By the time the pandemic hit the U.S. economy, the outlook for Abercrombie & Fitch seemed dire.
Once a mall staple that captured the hearts and wallets of teenagers with stark, sexy advertising and dark, perfume-drenched stores, Abercrombie’s (ticker: ANF) stock price hit fresh lows in 2017. Shoppers’ distaste for the brand and a steady decrease in mall traffic clouded its future. Then, in March of 2020, the coronavirus began closing malls and stores across the country.
The retail apocalypse, it seemed, was about to claim another victim.
But something surprising happened on the way to the funeral: Abercrombie enjoyed one of its best years since its 2000s heyday. Under CEO Fran Horowitz, the company rebranded, putting out a more inclusive message and pivoting its focus toward young professionals while fine-tuning its Hollister brand for teenagers.
Revenue increased 24% year over year in the company’s fiscal second quarter ended July 31, and 3% from prepandemic levels. Its stock is up 120% this year as shoppers flush with cash flock back to stores.
“Perception of a brand is a hard thing to turn, and it takes time in order to build back trust with your consumer,” Horowitz says in an interview with Barron’s. “So, here we are happy to say in 2021 that we are seeing, obviously, the wonderful effects of all of that hard work.”
Abercrombie isn’t the only retail brand that is coming into a new period of growth. Over the past year, many of America’s retailers have not only clawed their way out of the abyss, but have harnessed macroeconomic changes ushered in by the pandemic to propel themselves into an unexpected renaissance.
Brands that successfully merged their bricks-and-mortar operations with digital strategies are seeing sales soar and stock prices rise, lifted by a strong market and consumers champing at the bit to spend their pandemic savings. The stock prices of many major mall-based retailers have soared, including Macy’s (M), Nordstrom (JWN), Famous Footwear parent Caleres (CAL), and Signet Jewelers (SIG), which all gained at least 100% in the past 12 months.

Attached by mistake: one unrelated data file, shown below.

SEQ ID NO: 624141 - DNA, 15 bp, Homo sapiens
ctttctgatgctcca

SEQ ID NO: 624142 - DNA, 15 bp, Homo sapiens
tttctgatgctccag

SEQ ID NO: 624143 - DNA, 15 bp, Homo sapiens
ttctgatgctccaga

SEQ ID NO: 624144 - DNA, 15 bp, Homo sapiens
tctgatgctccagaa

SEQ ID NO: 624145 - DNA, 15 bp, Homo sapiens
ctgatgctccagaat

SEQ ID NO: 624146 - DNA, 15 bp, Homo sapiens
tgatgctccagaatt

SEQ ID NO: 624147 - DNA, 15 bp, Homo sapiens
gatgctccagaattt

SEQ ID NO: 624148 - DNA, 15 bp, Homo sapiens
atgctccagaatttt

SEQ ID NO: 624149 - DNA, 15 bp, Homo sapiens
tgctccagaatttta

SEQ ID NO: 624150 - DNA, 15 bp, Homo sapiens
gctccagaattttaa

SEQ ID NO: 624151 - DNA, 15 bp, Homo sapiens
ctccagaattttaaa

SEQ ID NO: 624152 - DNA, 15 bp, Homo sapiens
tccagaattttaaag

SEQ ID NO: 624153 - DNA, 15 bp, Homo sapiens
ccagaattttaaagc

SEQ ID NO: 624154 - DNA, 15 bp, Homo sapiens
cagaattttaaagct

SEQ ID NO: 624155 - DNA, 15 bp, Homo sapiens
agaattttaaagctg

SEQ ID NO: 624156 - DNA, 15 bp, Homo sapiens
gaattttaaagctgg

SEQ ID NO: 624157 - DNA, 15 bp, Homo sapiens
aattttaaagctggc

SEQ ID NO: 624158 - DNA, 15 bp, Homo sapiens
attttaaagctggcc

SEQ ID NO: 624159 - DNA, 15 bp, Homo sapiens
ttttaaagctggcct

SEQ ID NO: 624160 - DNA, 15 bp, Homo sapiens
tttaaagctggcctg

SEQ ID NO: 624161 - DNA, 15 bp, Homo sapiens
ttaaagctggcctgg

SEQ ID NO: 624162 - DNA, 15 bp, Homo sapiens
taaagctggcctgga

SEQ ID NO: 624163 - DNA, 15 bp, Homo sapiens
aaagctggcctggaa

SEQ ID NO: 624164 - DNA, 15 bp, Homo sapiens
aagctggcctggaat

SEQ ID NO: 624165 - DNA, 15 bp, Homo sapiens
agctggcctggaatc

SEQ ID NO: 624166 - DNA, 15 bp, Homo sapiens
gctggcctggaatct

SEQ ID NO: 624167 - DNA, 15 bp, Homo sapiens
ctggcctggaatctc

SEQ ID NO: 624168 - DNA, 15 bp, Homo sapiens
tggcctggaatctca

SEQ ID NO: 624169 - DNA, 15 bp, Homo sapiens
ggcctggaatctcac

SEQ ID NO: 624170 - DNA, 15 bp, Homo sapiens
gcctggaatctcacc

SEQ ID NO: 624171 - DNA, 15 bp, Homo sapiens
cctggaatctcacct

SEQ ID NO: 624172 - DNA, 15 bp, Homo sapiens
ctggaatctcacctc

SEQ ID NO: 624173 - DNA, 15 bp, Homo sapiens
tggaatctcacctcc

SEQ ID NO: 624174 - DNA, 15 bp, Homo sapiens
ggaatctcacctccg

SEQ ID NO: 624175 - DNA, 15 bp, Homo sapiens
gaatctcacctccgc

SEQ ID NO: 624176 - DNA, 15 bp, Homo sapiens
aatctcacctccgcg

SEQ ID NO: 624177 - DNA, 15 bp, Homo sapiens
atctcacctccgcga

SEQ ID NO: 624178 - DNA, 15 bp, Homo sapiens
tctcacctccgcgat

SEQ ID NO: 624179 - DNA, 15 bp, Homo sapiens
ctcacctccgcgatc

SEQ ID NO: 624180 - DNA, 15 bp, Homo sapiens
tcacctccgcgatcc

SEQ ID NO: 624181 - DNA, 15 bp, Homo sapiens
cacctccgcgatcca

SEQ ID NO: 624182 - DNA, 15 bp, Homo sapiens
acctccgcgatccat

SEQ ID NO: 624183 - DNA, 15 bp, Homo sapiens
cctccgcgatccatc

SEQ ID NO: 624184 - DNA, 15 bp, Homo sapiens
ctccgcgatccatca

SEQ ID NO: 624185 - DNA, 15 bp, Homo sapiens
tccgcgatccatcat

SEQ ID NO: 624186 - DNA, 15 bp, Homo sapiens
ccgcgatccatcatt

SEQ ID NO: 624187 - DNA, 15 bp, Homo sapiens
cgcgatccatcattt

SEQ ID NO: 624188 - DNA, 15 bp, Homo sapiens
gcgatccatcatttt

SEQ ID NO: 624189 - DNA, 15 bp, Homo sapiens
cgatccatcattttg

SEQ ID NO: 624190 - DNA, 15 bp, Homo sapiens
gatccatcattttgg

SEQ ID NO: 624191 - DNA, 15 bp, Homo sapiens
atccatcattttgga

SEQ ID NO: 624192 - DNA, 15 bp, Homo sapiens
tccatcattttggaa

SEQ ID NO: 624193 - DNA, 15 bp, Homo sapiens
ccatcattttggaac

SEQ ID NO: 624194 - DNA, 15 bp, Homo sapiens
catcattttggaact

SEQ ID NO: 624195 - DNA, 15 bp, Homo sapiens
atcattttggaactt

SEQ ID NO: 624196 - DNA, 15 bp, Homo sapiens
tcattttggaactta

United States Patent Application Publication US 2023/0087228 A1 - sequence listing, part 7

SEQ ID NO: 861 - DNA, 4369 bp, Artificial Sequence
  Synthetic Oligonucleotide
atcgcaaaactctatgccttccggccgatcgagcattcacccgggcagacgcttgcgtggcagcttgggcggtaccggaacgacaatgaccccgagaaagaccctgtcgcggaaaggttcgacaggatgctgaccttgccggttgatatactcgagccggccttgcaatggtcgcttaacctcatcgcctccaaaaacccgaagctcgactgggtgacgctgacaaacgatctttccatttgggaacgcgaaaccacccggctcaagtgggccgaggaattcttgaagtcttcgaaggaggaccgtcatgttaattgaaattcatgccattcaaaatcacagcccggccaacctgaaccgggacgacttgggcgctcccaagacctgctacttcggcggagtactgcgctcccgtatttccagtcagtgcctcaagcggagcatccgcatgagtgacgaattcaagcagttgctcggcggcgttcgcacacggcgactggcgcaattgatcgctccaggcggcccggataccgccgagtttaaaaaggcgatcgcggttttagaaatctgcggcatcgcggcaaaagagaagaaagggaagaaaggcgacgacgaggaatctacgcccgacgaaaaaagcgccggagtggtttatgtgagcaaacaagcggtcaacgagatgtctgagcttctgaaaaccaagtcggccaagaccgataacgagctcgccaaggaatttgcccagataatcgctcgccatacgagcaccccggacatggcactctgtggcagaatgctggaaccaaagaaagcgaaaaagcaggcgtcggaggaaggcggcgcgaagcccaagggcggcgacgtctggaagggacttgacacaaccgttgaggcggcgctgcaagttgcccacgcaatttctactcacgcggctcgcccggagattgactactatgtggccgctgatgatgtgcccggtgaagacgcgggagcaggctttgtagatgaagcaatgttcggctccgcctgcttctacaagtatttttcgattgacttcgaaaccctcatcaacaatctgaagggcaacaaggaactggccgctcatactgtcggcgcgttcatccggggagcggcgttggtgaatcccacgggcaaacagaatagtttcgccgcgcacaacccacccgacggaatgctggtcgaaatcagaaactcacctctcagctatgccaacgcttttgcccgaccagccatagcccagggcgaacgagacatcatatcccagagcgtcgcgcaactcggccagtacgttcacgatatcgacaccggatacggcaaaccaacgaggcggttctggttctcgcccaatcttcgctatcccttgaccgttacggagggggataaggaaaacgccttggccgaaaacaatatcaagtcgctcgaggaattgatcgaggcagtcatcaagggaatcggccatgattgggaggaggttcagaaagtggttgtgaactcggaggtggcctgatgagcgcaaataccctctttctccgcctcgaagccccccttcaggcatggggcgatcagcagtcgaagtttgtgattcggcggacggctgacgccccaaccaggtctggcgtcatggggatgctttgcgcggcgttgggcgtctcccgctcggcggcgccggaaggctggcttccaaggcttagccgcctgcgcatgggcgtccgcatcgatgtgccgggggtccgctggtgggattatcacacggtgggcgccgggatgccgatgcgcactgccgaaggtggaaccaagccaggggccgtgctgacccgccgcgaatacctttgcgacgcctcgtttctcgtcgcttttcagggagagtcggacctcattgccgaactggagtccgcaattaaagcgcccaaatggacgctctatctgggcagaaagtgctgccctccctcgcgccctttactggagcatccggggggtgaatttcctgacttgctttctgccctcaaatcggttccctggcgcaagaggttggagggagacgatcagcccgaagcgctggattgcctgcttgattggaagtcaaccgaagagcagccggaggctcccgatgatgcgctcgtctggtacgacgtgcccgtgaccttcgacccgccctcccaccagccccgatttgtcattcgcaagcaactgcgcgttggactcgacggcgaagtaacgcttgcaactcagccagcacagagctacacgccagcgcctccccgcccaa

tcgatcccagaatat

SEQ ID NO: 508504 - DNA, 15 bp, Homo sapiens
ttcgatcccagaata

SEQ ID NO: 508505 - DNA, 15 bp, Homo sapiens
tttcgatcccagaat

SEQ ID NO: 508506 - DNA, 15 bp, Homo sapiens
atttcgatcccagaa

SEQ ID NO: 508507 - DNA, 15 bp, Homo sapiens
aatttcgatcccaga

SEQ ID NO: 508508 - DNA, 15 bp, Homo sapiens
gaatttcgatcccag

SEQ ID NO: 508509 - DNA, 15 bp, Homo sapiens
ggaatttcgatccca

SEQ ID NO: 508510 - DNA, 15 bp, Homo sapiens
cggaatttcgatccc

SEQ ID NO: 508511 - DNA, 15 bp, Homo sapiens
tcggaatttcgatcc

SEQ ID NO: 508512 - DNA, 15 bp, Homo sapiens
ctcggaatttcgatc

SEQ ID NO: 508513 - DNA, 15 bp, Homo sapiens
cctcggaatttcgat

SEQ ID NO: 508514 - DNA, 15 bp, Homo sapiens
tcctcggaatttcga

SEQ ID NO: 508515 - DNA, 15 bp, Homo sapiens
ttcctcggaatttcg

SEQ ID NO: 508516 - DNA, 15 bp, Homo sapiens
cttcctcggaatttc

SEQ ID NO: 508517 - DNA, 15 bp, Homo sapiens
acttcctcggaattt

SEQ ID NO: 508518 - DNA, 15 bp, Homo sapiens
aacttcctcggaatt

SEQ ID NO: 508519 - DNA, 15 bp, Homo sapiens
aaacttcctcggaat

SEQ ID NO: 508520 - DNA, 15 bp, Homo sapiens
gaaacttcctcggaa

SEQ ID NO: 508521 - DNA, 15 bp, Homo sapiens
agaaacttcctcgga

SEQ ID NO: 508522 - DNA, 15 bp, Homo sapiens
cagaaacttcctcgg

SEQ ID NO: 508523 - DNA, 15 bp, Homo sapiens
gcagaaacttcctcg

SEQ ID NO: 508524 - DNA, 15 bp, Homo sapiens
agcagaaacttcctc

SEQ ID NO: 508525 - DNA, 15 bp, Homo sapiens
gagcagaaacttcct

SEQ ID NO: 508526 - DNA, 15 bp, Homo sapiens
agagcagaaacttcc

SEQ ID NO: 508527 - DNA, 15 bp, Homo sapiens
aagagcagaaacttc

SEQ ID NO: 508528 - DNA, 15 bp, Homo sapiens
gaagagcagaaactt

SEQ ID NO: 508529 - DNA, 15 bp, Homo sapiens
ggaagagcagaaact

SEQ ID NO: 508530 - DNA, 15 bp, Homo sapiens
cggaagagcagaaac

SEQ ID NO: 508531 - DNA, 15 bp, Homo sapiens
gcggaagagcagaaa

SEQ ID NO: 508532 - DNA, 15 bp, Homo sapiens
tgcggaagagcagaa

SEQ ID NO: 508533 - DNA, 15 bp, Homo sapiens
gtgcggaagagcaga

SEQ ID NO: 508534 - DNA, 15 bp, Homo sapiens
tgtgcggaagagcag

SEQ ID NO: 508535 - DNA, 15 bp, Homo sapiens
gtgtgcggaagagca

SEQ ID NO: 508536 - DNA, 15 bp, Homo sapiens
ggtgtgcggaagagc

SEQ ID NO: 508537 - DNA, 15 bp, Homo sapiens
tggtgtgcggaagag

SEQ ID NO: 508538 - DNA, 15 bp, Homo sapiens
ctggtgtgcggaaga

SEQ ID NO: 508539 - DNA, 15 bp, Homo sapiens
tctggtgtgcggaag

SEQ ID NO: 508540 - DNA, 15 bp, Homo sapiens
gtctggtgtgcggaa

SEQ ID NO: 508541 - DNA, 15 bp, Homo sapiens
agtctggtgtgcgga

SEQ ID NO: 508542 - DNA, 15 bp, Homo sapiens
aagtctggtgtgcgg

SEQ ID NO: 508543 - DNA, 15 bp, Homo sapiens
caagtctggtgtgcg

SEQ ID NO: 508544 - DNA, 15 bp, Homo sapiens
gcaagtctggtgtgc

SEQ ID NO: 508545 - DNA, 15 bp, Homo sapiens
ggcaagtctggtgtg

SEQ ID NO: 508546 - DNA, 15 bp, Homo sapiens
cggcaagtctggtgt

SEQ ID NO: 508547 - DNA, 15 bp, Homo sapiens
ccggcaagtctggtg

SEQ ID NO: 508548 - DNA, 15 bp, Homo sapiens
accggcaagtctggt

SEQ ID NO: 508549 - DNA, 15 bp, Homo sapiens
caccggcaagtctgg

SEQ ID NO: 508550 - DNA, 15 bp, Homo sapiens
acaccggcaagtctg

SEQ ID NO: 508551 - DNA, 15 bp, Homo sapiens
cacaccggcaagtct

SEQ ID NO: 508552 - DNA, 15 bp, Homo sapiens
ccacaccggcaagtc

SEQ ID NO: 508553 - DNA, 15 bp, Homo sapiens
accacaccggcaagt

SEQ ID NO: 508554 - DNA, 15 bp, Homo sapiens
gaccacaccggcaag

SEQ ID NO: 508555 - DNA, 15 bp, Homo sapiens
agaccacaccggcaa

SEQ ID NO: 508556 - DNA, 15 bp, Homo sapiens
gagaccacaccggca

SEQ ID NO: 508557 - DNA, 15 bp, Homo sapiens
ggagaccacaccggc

These companies are now poised to reap the benefits of a potentially record-setting holiday season. Consumers could spend $851 billion, a 9.5% increase from last year’s record $777 billion and more than twice the 4.4% average increase over the past five years, according to the National Retail Federation.
No one knows whether the party will last or whether these stores are simply capturing sales that would have happened in the future. Before retail sales normalize, companies need to navigate a host of supply-chain and inflationary pressures that could put a damper on holiday sales.
But the unexpected revival has reaffirmed the faith of many brands in the power of the physical stores. While still heavily investing in online operations, they are continuing to bet big on a bricks-and-mortar future. And as investments in physical stores continue, the demise of the bricks-and-mortar retailer that many once expected no longer seems so certain.
The pandemic wasn’t exactly ideal for retailers, but it offered some unique opportunities. The problems were obvious. People were afraid to shop in person. Shoppers—even baby boomers—flocked online in unexpected numbers. Retail behemoths such as Amazon.com (AMZN) and Walmart (WMT) saw their best year ever.
“The investor sentiment—especially from short term, hedge fund type investors—had just turned very negative on the group,” Columbia Threadneedle Investments retail analyst Mari Shor says. “I just think that investors weren’t really giving the companies, or the consumers, the benefit of the doubt.”
Shor says the doubt among investors was rooted in the notion that traditional retailers, both prepandemic and postpandemic, wouldn’t make it out alive.
But the pandemic gave retailers the rare chance to close poorly performing locations and focus on great ones. Many retailers also focused on getting better online, and shifted their sales strategies to target consumers wherever and whenever they wanted to shop—whether online, mobile, or in-store.
In one example of a company looking to fuel growth while connecting digital and in-store operations, the parent company of Saks Fifth Avenue spun out its e-commerce arm, which is now expected to go public with a target valuation of $6 billion.
Such approaches proved critical. Online and other non-store sales are expected to increase between 11% and 15% this holiday season, potentially reaching a high of $226 billion, according to National Retail Federation estimates.